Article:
Archaeologia Cambrensis

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W. Pickering, 1860

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155
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165
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170
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214
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216
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307
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316
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319
Del 25
343

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Side 156 - We have one whose benches are of stone, and the most remarkable monument of this kind which I have yet seen ; it is near the church of St. Just, Penwith, now somewhat disfigured by the injudicious repairs of late years; but by the remains it seems to have been a work of more than usual labour and correctness.
Side 156 - The country people flock from all sides, many miles off, to hear and see it ; for they have therein deuils and deuices, to delight as well the eye as the eare ; the players conne not their parts without booke, but are prompted by one called the Ordinary, who followeth at their backs with the book in his hand, and telleth them softly what they must pronounce aloud.
Side 157 - ... of the general history of the Creation, the Fall, and the Redemption of man, however it might be marred occasionally by passages of lighter or even of ludicrous character. The mighty gathering of people from many miles round, hardly showing like a crowd in that extended region, where nothing ever grows to limit the view on any side, with their booths or tents, absolutely necessary when so many people had to remain three days on the spot, would give a character to the assembly probably more like...
Side 200 - When they, beginning at the south, had made themselves masters of the greatest part of the island, it happened, that the nation of the Picts, from Scythia, as is reported, putting to sea, in a few long ships, were driven by the winds beyond the shores of Britain...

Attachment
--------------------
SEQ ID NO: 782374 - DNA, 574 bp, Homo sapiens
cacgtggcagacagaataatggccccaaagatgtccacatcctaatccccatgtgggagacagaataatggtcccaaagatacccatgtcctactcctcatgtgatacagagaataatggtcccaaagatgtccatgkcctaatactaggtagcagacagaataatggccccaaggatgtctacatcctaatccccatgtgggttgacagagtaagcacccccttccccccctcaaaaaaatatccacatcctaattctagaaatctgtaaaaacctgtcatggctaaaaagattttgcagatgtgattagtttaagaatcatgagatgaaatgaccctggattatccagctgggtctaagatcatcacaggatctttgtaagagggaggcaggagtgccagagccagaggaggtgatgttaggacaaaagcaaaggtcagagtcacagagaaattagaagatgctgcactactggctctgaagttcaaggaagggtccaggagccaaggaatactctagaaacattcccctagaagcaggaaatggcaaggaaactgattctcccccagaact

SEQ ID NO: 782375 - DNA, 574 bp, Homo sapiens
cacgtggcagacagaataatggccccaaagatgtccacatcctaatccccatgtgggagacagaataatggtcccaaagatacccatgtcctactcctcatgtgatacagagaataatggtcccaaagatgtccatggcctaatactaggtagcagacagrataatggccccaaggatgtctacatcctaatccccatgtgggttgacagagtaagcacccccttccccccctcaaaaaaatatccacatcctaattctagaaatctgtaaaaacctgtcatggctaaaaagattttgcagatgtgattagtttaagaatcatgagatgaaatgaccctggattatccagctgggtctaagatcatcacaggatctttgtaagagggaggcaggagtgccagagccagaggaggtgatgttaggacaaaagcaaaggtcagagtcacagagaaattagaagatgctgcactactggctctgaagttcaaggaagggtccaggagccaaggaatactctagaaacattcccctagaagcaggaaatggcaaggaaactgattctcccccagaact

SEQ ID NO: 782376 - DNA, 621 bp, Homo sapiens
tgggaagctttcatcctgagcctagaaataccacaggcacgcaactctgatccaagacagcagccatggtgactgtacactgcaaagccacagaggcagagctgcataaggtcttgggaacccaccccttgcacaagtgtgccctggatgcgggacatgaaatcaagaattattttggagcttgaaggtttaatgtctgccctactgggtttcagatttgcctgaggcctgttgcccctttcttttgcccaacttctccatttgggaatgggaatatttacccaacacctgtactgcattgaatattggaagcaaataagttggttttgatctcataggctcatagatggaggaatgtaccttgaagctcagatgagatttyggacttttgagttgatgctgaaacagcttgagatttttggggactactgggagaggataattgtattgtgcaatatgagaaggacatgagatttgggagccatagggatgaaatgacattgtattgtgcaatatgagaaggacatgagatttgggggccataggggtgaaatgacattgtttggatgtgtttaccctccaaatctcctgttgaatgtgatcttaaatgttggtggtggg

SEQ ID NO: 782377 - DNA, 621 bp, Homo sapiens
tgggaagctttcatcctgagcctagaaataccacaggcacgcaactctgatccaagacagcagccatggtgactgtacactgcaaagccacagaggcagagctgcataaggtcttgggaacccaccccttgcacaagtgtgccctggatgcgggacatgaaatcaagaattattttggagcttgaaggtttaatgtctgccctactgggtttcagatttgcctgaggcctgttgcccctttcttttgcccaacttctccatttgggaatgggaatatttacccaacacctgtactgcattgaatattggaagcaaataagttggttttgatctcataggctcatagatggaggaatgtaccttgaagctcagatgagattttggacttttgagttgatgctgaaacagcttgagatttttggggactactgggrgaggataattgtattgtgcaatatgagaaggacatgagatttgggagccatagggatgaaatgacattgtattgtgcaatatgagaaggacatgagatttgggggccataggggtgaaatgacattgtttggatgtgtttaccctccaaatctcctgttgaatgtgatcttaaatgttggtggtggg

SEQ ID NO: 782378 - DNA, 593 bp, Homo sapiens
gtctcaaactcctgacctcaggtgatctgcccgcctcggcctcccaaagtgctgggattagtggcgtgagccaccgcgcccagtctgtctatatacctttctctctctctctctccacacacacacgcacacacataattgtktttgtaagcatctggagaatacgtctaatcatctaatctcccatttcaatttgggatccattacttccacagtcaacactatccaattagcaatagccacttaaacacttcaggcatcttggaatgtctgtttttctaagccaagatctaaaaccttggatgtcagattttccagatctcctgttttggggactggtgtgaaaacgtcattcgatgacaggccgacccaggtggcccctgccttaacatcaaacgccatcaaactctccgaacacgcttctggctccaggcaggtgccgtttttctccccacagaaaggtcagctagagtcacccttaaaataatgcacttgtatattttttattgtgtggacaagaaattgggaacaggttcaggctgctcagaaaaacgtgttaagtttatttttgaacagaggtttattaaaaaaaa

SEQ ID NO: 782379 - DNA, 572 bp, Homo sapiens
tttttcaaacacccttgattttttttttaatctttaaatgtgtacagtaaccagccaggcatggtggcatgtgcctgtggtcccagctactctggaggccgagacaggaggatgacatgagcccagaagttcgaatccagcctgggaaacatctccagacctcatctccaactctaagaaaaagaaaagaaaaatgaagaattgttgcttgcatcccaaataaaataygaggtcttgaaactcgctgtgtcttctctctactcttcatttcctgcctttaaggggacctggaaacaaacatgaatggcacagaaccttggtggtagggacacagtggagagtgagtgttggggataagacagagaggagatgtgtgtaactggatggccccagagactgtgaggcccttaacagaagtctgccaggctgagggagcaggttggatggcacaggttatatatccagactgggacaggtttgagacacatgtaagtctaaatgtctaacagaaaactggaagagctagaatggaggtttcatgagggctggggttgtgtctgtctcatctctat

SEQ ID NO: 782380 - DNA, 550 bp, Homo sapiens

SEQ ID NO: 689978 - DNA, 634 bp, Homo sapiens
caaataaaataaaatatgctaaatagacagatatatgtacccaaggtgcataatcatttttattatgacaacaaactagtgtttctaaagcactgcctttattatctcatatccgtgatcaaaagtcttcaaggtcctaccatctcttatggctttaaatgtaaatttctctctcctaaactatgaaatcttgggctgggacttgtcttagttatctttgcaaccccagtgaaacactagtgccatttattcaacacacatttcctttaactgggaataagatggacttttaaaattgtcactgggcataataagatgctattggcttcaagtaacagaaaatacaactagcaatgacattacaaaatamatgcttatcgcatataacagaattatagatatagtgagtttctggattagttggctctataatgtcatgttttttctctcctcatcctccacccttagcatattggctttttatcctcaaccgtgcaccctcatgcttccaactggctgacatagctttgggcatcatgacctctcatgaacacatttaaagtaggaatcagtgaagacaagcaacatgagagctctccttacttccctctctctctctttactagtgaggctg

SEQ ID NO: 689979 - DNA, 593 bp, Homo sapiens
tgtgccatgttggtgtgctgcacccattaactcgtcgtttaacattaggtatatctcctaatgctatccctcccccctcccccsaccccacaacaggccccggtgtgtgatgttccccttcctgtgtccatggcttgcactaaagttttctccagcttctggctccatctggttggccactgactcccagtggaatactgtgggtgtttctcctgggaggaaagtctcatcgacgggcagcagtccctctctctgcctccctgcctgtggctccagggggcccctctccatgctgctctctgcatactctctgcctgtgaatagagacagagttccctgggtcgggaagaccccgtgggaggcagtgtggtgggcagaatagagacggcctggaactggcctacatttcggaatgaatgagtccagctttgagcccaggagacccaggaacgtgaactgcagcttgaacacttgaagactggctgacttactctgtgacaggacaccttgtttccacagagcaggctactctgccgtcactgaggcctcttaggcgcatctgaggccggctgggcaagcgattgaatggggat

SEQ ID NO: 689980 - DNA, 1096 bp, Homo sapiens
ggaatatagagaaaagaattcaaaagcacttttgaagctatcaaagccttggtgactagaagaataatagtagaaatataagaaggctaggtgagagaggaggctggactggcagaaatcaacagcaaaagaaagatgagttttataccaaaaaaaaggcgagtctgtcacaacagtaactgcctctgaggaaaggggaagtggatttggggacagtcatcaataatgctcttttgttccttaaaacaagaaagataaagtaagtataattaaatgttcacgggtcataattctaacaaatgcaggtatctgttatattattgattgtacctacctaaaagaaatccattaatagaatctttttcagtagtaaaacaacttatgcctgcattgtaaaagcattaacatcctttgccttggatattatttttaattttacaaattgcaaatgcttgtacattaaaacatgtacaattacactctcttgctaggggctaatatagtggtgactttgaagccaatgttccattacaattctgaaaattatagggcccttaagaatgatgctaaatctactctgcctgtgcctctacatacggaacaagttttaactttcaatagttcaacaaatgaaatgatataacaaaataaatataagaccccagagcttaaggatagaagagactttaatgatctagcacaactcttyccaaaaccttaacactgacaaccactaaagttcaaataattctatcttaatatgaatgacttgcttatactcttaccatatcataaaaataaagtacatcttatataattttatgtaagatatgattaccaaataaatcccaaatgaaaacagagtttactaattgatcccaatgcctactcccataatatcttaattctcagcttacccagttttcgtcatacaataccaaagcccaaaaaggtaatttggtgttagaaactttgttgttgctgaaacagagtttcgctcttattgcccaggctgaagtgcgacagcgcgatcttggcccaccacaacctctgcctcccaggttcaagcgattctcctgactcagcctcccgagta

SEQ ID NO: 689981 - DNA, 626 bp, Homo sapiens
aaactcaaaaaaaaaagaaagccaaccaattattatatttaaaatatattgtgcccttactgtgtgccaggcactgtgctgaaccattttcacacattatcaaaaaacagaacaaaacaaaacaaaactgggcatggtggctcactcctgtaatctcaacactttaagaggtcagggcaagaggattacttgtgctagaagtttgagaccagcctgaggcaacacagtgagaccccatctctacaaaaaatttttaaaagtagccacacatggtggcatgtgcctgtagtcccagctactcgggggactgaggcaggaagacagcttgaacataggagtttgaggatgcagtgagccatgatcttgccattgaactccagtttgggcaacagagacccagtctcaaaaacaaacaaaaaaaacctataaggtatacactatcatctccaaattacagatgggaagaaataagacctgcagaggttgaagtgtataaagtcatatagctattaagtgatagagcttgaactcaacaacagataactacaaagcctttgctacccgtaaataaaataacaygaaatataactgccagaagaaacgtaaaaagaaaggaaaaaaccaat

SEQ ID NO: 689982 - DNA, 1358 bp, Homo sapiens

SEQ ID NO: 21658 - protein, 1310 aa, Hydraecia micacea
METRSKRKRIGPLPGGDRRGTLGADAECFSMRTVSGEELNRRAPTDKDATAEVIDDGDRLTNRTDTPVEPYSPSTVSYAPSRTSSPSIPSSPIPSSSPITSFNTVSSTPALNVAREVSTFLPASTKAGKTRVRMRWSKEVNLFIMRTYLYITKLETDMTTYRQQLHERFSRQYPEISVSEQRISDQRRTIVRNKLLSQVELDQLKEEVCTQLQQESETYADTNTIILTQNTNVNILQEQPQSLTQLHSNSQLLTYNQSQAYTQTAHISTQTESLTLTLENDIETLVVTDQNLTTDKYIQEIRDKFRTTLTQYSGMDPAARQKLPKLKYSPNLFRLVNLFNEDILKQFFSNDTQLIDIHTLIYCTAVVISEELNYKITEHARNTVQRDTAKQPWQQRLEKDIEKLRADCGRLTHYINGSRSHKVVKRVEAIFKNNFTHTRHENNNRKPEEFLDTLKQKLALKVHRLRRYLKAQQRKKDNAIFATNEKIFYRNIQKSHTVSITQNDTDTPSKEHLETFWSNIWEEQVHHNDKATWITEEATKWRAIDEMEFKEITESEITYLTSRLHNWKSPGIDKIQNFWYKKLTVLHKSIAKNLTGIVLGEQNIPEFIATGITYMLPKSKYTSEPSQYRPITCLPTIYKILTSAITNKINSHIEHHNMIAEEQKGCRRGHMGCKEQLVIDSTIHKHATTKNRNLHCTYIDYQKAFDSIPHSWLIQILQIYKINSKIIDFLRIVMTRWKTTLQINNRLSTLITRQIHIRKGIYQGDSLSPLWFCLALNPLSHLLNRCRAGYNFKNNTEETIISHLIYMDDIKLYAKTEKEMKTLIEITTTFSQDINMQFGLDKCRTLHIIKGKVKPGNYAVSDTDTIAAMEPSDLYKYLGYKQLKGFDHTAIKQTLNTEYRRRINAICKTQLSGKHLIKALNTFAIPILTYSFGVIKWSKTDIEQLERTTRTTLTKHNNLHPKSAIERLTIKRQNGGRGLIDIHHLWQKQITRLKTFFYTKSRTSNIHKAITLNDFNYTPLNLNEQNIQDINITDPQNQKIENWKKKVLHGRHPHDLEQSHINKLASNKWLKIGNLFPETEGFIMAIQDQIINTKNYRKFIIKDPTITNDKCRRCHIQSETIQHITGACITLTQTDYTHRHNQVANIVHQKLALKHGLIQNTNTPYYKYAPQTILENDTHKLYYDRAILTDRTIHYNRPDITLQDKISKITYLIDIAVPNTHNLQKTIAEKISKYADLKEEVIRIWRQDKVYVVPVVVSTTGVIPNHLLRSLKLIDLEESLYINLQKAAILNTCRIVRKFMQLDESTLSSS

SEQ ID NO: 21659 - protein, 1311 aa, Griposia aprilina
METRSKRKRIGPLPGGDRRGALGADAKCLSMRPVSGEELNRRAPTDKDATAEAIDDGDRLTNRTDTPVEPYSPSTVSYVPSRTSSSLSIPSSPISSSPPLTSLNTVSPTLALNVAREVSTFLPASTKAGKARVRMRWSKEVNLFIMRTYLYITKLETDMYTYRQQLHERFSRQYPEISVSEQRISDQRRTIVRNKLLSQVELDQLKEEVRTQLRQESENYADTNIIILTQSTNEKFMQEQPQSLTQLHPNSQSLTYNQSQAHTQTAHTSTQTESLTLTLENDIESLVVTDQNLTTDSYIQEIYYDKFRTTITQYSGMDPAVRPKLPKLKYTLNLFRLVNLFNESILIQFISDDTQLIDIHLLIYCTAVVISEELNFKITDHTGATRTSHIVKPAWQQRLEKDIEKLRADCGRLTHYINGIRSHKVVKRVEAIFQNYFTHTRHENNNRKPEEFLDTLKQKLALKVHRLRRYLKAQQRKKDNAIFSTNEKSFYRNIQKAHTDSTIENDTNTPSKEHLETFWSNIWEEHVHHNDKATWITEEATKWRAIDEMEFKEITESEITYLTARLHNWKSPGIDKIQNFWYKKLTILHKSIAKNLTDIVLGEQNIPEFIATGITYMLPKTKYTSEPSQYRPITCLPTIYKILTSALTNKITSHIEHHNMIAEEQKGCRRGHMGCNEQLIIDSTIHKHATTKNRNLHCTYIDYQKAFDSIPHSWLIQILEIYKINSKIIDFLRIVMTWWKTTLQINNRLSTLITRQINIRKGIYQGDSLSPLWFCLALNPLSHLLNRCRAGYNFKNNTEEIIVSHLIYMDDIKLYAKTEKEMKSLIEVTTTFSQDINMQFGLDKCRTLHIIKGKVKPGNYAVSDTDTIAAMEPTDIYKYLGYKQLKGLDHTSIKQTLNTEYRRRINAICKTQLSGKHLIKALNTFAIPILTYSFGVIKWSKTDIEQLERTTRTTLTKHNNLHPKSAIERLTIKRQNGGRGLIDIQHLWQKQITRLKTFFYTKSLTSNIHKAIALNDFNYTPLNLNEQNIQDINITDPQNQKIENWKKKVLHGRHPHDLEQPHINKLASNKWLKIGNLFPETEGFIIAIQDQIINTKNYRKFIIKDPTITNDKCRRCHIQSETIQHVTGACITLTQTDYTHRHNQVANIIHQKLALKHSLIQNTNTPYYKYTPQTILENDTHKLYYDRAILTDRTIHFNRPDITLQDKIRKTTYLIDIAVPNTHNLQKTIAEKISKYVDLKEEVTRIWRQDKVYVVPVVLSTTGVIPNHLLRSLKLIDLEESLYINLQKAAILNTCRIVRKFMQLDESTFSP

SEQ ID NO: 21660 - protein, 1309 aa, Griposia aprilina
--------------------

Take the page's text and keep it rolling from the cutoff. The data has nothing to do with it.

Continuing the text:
Side 311 - France, whereupon he said, he had kept a castle in France so long, that he made the old women in Wales talk of him ; and that he would keep the castle so long that he would make the old women in France talk of him...
Side 234 - Also be it enacted by the authority aforesaid that all Justices commissioners sheriffs coroners escheators stewards and their Lieutenants and all other officers and ministers of the law shall proclaim and keep the Sessions Courts, Hundreds, Leets, Sheriffs Courts, and all other Courts in the English tongue...
Side 156 - ... roome, was accordingly lessoned beforehand by the Ordinary that he must say after him. His turn came. Quoth the Ordinary, ' Goe forth, man, and show thyself.
Side 123 - Upon the north side, on a plate of copper let into the wall,• is the annexed inscription : — Near this place lyeth the body of Captain Richard Vaughan, of Pantglass, in the county of Caernarvon, who behaved himself with great courage in the service of King Charles the First (of ever blessed memory) in the civil warrs, and therein lost his sight by a shott ; in...
Side 234 - English tongue ; and also that from henceforth no person or persons that use the Welsh Speech or Language shall have or enjoy any manner [of] Office or Fees within this realm of England, Wales, or other the King's Dominion, upon pain of forfeiting the same Offices or Fees, unless he or they use and exercise the English Speech or Language.
Side 156 - And with this his passion the actor makes the audience in like sort acquainted. Hereon the prompter falls to flat rayling and cursing in the bitterest terms he could devise : which the gentleman with a set gesture and countenance, still soberly related, until the Ordinary, driven at last into a madde rage, was faine to give over all.

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